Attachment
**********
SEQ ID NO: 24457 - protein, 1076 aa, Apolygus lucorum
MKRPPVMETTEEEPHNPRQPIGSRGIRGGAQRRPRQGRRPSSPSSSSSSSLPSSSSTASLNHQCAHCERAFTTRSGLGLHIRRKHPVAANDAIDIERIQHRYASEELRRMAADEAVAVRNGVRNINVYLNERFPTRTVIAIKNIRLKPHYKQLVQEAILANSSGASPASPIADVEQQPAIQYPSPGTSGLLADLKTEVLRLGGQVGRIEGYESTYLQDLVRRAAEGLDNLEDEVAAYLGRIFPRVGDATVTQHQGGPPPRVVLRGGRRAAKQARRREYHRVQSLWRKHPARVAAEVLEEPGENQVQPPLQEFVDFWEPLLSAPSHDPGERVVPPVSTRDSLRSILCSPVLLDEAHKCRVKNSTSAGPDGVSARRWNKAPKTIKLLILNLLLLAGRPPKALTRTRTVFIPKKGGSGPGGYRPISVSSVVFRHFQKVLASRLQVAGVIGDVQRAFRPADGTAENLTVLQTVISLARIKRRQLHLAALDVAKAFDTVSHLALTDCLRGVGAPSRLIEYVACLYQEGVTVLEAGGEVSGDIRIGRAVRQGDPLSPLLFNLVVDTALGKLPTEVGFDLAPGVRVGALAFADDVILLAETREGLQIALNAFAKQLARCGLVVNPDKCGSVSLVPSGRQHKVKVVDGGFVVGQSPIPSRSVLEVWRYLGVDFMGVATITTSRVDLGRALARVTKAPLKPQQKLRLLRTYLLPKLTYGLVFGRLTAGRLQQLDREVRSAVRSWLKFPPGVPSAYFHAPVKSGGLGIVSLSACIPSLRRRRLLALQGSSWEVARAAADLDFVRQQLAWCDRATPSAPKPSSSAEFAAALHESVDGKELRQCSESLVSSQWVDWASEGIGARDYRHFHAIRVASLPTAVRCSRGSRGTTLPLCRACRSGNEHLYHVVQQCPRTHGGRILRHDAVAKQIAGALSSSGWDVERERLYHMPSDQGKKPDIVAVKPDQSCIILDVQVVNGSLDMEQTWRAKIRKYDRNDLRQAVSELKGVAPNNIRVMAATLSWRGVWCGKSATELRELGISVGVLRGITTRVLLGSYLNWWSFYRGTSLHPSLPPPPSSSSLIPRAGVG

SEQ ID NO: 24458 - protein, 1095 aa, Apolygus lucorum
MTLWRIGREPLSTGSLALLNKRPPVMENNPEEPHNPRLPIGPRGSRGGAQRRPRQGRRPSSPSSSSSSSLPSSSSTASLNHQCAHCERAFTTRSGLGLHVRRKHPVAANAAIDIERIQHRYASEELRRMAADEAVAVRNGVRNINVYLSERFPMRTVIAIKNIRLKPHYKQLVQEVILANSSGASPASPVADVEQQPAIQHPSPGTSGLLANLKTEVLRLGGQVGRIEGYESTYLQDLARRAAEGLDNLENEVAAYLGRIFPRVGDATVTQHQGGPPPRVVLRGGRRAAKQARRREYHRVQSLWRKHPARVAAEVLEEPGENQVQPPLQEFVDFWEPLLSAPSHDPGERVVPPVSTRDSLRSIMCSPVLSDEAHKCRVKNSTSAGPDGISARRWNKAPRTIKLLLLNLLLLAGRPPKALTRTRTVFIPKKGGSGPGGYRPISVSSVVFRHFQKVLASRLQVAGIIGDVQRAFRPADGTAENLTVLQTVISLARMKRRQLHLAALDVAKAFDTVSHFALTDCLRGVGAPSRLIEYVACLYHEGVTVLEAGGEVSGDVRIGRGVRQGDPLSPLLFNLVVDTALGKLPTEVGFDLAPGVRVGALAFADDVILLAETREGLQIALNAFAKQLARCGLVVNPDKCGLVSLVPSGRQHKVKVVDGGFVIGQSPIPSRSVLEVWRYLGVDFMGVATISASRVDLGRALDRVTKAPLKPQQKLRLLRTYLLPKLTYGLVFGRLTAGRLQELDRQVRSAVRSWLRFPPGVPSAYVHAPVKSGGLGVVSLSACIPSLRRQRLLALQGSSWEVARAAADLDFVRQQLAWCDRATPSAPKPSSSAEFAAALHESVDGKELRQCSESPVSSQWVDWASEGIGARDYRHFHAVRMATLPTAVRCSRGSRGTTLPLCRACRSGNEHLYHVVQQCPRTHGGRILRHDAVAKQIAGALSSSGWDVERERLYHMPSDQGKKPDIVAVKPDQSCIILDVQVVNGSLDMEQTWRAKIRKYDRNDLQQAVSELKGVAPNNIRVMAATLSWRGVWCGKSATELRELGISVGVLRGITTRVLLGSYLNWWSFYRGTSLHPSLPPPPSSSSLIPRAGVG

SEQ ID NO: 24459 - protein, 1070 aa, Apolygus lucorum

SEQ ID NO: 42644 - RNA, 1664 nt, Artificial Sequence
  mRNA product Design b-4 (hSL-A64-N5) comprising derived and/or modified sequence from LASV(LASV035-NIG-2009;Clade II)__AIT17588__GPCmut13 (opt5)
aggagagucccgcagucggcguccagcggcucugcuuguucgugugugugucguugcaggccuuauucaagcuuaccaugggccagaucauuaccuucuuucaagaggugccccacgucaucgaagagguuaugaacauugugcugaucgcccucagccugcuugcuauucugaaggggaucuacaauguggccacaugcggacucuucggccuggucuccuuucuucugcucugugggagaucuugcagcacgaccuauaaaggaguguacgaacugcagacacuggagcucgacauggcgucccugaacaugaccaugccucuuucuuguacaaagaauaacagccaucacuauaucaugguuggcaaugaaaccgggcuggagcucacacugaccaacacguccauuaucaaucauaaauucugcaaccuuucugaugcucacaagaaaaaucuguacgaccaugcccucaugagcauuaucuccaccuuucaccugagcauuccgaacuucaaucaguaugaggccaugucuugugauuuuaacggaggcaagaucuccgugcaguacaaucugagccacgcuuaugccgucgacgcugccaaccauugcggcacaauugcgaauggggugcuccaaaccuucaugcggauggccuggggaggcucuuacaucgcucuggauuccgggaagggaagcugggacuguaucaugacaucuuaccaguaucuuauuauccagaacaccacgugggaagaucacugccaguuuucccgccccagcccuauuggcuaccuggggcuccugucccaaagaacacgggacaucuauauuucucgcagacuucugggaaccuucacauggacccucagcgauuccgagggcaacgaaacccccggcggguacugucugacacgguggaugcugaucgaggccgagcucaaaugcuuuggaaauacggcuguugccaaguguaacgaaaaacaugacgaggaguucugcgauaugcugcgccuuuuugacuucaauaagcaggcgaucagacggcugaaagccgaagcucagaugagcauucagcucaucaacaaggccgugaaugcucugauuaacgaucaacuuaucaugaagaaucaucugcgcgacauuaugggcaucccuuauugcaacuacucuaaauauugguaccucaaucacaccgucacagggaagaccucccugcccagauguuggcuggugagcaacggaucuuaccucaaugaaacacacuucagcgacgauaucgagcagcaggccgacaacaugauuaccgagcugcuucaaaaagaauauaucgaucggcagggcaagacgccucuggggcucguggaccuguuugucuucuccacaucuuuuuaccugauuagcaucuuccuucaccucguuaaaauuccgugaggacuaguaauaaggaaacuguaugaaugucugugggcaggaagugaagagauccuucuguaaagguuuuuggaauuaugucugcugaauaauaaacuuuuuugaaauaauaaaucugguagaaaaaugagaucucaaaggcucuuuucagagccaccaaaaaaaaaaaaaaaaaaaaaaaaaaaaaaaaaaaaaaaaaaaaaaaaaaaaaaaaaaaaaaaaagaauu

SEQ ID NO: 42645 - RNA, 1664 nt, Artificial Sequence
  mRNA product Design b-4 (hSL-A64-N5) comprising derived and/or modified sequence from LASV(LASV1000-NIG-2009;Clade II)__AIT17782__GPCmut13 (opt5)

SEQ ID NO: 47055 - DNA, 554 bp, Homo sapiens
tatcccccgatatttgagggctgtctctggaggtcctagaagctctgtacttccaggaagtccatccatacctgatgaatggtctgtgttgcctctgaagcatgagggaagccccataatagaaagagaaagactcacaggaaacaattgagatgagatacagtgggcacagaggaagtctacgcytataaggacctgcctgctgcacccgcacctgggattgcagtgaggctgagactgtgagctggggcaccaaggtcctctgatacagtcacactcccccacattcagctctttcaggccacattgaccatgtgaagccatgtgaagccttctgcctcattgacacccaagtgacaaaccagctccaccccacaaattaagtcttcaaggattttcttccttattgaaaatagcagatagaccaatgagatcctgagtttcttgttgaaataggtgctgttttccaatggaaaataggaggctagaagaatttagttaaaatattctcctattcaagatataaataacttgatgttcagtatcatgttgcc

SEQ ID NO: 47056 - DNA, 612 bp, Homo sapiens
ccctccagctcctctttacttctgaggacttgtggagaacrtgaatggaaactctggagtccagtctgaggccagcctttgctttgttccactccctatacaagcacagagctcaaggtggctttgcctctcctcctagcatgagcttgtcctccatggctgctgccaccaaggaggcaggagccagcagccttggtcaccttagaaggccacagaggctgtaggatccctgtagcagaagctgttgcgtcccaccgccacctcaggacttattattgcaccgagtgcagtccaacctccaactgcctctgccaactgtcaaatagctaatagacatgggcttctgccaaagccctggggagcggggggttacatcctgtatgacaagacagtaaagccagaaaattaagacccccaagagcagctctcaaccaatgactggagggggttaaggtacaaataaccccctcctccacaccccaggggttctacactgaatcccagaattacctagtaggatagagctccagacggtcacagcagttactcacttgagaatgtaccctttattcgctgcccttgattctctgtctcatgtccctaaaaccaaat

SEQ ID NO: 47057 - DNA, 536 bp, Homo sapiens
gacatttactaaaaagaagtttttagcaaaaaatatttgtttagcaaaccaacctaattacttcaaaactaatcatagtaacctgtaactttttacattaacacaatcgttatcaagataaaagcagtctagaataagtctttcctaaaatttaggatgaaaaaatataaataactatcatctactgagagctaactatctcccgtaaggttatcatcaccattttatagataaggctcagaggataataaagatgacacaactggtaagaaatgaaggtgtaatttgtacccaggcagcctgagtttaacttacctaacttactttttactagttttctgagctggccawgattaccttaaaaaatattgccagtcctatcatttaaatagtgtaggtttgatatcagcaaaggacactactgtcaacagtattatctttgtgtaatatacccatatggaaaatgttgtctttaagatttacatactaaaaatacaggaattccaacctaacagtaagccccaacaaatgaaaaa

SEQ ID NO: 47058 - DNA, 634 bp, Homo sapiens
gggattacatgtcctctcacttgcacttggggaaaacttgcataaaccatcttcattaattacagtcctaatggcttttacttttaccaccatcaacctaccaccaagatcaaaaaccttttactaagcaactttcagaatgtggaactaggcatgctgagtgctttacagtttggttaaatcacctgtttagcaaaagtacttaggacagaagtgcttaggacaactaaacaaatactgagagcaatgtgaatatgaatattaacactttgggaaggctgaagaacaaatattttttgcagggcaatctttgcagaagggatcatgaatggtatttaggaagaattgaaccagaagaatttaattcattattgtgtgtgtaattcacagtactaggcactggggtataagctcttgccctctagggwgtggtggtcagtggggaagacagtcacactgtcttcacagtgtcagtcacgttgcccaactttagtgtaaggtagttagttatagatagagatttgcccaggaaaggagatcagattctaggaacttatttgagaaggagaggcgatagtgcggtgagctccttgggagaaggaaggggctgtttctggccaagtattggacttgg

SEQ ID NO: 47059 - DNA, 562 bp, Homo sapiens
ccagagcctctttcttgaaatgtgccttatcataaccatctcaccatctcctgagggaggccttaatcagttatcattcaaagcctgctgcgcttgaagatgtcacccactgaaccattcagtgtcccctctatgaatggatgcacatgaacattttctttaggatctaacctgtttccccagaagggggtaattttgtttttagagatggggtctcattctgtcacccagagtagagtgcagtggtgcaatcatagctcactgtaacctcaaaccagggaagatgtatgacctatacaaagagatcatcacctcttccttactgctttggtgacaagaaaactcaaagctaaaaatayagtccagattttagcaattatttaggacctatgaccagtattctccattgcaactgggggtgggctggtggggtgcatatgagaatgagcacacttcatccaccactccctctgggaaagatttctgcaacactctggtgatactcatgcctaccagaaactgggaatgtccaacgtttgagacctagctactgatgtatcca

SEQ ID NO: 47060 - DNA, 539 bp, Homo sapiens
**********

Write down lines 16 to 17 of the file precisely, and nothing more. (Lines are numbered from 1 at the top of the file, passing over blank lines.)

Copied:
gacatttactaaaaagaagtttttagcaaaaaatatttgtttagcaaaccaacctaattacttcaaaactaatcatagtaacctgtaactttttacattaacacaatcgttatcaagataaaagcagtctagaataagtctttcctaaaatttaggatgaaaaaatataaataactatcatctactgagagctaactatctcccgtaaggttatcatcaccattttatagataaggctcagaggataataaagatgacacaactggtaagaaatgaaggtgtaatttgtacccaggcagcctgagtttaacttacctaacttactttttactagttttctgagctggccawgattaccttaaaaaatattgccagtcctatcatttaaatagtgtaggtttgatatcagcaaaggacactactgtcaacagtattatctttgtgtaatatacccatatggaaaatgttgtctttaagatttacatactaaaaatacaggaattccaacctaacagtaagccccaacaaatgaaaaa

SEQ ID NO: 47058 - DNA, 634 bp, Homo sapiens